CHARLOTTE, N.C. – Patrick Cannon’s rise to mayor began with his election to City Council in 1993, at a time when Charlotte was emerging as a major banking center.
Gleaming skyscrapers began painting the skyline of a New South city that had a fledgling NBA team and an NFL franchise on the way.
Cannon was a reflection of the up-and-coming city – a young businessman and politician with a made-for-TV backstory. He’d been raised in a housing project by a single mom and mentored by some of Charlotte’s most powerful political and business figures, before building a successful parking business in the shadow of the downtown office buildings.
After he was elected mayor in November, the Democrat, 47, promised to tackle tough issues facing Charlotte and build on the success of the 2012 Democratic National Convention that put Charlotte on a national stage.
But Cannon’s career came to a stunning halt Wednesday when he was arrested and accused of accepting more than $48,000 in bribes from FBI agents posing as businessmen who wanted to work with North Carolina’s largest city. He resigned hours later, less than six months after taking office.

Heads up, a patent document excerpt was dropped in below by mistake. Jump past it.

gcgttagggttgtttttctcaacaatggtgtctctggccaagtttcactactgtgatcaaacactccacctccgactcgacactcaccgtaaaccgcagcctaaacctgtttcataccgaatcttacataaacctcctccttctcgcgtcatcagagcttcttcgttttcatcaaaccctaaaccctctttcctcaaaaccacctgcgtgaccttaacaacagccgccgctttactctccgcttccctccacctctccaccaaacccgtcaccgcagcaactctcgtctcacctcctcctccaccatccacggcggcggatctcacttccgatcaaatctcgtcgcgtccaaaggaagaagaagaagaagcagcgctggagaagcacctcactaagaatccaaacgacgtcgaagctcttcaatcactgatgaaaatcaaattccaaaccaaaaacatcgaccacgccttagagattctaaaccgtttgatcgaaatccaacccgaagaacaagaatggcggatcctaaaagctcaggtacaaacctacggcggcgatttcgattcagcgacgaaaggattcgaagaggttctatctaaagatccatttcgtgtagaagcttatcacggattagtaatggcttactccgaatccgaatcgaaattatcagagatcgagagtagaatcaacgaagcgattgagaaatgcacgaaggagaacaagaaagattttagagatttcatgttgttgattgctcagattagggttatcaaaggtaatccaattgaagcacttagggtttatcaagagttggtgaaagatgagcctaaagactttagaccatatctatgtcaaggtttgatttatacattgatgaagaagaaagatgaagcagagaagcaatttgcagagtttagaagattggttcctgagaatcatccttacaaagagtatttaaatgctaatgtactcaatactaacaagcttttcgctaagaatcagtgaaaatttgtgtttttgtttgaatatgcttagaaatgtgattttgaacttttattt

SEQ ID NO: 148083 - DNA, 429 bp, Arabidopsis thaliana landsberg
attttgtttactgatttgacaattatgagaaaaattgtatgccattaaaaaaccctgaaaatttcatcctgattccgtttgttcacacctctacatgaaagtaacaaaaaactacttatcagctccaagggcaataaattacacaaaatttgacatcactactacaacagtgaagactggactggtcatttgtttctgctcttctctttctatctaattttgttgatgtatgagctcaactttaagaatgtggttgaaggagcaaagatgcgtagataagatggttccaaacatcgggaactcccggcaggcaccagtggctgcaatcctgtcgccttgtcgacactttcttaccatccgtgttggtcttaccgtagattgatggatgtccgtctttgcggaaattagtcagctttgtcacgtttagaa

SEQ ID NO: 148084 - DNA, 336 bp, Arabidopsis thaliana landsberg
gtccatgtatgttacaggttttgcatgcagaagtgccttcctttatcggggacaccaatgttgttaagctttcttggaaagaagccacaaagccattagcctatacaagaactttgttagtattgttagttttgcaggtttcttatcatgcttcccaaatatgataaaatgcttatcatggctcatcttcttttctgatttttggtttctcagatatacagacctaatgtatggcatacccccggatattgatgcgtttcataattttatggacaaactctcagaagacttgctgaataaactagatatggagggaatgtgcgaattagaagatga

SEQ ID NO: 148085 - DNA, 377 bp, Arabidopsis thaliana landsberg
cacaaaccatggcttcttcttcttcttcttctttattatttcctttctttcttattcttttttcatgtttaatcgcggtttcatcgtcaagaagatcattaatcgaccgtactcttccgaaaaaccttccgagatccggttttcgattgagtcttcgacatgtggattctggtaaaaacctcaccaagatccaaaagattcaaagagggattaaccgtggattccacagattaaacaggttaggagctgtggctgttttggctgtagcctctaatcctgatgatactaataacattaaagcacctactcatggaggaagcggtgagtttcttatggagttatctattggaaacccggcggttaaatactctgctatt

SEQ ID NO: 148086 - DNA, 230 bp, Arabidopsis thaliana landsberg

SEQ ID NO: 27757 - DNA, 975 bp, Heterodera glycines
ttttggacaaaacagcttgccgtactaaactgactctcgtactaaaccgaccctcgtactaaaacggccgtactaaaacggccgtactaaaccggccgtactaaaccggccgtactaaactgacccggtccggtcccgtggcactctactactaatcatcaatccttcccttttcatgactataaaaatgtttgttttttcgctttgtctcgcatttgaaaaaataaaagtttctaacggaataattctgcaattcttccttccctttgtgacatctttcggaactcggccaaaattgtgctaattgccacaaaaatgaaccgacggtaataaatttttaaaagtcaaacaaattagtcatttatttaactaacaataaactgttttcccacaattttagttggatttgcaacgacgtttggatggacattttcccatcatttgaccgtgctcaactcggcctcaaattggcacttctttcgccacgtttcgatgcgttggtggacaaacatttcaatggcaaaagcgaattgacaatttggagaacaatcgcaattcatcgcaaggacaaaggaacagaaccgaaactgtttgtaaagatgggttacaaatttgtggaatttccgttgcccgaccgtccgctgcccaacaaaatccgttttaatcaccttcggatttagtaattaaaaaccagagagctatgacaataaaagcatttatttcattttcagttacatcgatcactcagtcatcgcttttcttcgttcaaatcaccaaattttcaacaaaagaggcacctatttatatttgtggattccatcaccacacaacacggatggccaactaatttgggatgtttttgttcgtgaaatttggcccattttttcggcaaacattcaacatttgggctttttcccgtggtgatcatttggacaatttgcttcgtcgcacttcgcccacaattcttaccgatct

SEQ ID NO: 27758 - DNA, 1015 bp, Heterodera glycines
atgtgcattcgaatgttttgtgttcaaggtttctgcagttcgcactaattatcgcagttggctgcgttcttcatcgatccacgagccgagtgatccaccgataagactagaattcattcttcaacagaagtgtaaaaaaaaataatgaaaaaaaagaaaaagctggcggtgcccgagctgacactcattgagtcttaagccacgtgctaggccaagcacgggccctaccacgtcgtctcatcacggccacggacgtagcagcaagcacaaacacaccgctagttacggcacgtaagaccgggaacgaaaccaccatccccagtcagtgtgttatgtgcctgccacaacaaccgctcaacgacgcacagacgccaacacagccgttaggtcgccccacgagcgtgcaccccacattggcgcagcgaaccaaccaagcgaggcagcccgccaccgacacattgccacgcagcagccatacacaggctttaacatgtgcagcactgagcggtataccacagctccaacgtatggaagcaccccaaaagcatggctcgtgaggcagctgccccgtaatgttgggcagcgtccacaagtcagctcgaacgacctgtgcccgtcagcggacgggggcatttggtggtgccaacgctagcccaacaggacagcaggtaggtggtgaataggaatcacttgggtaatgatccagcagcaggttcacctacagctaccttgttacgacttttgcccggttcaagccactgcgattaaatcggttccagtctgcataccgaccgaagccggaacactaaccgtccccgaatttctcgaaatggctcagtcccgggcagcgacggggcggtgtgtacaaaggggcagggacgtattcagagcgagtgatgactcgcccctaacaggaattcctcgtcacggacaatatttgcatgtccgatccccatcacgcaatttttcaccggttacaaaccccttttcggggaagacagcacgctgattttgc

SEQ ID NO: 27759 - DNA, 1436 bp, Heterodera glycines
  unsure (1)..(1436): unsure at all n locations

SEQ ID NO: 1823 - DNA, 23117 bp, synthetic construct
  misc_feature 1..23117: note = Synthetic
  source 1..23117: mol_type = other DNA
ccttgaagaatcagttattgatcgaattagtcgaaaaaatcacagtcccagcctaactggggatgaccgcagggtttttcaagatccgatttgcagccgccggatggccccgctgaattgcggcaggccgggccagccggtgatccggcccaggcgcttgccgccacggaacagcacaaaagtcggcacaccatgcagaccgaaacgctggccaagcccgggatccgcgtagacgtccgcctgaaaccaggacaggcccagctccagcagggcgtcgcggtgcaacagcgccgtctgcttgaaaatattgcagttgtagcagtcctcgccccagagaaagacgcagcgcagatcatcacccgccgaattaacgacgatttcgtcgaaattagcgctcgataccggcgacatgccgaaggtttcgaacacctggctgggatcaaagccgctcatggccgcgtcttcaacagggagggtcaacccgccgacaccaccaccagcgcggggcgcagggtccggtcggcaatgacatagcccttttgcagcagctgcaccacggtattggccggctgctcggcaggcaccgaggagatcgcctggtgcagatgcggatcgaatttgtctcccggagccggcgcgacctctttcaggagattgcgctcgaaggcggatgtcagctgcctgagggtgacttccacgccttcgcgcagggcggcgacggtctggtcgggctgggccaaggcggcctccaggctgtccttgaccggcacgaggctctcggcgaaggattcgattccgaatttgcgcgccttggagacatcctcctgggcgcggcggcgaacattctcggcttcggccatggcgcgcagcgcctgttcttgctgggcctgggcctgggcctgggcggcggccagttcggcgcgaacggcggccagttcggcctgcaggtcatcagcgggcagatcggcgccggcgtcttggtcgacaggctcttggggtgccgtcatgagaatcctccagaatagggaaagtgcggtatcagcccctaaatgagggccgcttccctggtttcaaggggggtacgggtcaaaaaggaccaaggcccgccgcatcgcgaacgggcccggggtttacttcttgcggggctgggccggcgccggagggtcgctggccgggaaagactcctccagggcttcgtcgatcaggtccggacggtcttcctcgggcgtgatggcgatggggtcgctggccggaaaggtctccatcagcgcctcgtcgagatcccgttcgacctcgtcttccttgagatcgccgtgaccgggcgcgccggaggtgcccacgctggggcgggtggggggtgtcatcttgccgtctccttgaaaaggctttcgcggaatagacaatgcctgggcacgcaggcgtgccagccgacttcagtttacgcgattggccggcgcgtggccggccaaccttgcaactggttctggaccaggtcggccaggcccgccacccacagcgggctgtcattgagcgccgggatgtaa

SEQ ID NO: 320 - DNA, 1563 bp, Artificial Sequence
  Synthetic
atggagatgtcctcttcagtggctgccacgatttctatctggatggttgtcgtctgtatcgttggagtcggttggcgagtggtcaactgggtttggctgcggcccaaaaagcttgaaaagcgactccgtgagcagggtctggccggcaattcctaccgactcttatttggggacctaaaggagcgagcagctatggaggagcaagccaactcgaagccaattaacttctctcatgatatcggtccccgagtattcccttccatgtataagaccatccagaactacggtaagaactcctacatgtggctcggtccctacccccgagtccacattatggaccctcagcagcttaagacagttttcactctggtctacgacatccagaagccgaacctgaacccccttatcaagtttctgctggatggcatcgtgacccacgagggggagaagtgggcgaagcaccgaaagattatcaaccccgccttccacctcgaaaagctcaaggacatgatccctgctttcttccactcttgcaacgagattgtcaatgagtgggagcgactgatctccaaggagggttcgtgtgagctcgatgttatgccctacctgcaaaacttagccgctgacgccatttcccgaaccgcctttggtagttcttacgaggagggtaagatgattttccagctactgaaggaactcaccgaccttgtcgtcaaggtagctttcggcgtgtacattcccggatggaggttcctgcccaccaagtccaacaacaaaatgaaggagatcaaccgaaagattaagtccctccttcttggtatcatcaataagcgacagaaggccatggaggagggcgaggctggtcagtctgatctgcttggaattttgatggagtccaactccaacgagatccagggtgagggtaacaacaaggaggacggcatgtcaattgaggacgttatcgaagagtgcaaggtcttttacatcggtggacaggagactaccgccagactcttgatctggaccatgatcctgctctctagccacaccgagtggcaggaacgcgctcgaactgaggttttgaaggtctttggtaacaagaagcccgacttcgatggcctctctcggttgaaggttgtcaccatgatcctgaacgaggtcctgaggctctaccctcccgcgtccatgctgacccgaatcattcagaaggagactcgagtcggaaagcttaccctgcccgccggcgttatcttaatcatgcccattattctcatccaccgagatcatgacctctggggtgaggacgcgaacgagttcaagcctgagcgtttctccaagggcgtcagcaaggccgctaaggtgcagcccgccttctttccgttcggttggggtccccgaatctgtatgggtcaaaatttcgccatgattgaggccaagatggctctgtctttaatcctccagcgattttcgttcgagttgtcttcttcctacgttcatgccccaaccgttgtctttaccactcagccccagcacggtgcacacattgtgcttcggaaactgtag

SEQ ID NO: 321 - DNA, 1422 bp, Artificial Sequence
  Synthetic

Cannon’s downfall has stunned the city of 760,000 people.
Parks Helms, a Charlotte attorney who served in the North Carolina General Assembly for 10 years and the county commission for 16 years, said Cannon appears to have wasted immense potential.
“I think he had such promise as a new, young elected official, and he had such potential,” Helms said. “But he just squandered it all because of the way he conducted himself with these bribes.”
According to the criminal complaint, Cannon accepted more than $48,000 in cash, airline tickets, a hotel room and the use of a luxury apartment as bribes, and he solicited more than $1 million more.
If convicted on all charges, Cannon faces up to 50 years in prison.